The Central Bank of Nigeria (CBN) has shed more light on accounts dormancy and directed that banks which had converted funds in such accounts as income revert immediately.
The apex bank has therefore directed that banks which had in the last five years converted such funds to income to reclassify them as deposits.
The ban contained in the Guidelines on the Management of Dormant Accounts and Other Unclaimed funds by banks and other financial institutions in Nigeria, issued at the weekend by CBN, stated that, “Dormant account shall continue to be reflected in the book of banks as deposit liabilities until they are eventually withdrawn by the account holders or disposed of, on their instructions.
The guideline also instructed that Banks that have, in the last five years, from the date of the guidelines, appropriated credit balances in dormant accounts to income should reclassify such accounts to deposits not later than six months from the effective date of the guidelines
“Notwithstanding the provisions above, banks shall retain the records of all dormant accounts irrespective of the number of years of dormancy of the accounts, and shall reactivate such accounts upon request by the bona fide account holder or his /her legitimate representatives,” the guideline stated.
Providing better understanding of what can be regarded as a dormant account, the guidelines stated, “A bank account shall be classified as dormant if there has been no customer or depositor-initiated transactions in it for one year after the last customer or depositor-initiated transaction.”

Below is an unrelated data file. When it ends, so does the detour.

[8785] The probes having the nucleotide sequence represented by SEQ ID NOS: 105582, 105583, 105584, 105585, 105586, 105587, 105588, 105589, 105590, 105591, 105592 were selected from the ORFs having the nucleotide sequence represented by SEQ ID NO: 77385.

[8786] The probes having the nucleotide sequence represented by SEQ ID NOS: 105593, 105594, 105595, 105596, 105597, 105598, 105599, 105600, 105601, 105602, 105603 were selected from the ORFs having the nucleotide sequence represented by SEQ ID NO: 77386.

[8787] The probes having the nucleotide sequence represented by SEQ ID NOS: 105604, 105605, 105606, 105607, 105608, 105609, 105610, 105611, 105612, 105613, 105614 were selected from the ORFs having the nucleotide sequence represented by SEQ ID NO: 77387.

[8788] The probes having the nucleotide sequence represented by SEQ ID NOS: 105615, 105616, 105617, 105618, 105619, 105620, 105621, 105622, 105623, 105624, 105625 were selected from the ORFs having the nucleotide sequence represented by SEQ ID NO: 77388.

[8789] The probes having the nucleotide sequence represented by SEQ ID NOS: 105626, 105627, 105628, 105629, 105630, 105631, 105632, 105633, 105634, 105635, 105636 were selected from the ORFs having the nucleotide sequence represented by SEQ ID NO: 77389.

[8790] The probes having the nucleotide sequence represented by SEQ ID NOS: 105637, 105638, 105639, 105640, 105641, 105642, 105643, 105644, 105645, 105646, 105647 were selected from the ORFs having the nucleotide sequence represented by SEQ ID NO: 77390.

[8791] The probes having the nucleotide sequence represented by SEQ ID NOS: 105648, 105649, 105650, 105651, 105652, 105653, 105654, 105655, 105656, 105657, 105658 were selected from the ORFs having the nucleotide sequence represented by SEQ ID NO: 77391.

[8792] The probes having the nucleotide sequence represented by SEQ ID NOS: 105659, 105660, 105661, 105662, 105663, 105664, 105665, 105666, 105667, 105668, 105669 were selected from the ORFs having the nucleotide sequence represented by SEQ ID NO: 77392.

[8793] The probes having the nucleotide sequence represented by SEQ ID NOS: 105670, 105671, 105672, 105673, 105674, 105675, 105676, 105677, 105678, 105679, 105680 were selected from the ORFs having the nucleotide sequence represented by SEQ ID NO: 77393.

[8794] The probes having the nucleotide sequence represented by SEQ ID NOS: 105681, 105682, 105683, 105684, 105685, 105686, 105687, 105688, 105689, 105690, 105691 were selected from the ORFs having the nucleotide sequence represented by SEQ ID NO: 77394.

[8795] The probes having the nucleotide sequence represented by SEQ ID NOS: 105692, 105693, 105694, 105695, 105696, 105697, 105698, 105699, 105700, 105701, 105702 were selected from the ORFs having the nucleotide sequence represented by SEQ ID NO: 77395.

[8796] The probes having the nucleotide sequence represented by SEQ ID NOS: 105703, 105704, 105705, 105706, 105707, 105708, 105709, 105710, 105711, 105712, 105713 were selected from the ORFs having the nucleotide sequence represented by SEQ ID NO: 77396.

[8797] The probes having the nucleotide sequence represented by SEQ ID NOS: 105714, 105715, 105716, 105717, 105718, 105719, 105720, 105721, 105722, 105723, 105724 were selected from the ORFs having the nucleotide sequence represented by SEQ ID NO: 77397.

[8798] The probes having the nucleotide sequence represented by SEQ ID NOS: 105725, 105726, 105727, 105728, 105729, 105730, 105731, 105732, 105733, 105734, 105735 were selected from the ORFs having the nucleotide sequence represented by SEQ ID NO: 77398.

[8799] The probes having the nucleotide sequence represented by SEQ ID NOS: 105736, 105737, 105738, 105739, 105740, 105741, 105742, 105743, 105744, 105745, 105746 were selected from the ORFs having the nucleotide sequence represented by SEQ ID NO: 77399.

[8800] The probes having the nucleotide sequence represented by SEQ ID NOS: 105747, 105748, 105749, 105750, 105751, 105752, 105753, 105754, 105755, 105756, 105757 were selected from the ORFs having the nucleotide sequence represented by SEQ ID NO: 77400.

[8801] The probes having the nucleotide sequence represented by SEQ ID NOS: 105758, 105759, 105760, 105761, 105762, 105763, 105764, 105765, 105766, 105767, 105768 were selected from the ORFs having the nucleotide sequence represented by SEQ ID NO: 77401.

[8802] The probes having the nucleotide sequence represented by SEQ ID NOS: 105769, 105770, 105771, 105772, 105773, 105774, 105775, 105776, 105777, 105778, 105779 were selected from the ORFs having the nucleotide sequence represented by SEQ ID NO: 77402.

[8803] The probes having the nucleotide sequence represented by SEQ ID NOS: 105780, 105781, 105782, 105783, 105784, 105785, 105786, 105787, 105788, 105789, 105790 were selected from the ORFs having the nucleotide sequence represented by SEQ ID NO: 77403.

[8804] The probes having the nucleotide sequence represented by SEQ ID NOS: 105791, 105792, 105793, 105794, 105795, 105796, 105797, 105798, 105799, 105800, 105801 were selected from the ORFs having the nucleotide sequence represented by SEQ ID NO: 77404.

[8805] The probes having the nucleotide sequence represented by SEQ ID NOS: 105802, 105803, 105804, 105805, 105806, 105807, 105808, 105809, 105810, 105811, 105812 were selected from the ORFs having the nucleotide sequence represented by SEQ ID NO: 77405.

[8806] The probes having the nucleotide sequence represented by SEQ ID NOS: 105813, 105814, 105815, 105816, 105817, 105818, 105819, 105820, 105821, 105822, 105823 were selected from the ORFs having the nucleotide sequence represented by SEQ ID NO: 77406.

The guidelines however stated that bank accounts that have no customer or depositor-initiated transaction for a period of six months shall be classified as an ‘Inactive Account.
It added that while the owner of an Inactive Account should not be required to provide documentation to reactive the account, the owner of a dormant account must provide satisfactory documentary evidence of account ownership including means of identification and present place of residence, before the dormant account can be reactivated.
The guidelines also stated that when an account becomes dormant or inactive, “the bank shall elevate controls on the account in line with its precautionary policies, which may include surveillance procedures and second level authorisation. On the treatment of dormant accounts, the guidelines stated, “Hence forth, revalidation of inactive/dormant accounts shall not attract any cost to the account holder (as the bank would have made ample use of the idle funds);
“Interest bearing accounts shall retain their interest earnings status during the period of dormancy; Deposit taking financial institutions shall continue to monitor accounts that show tendencies of inactivity and initiate action for the reactivation or protection from wrong usage.
Such actions shall include, though not limited, to any of the following: SMS, email, visitation, and/or phone calls. In all cases, the cost of monitoring the accounts and contacting the customers shall be borne by the bank.”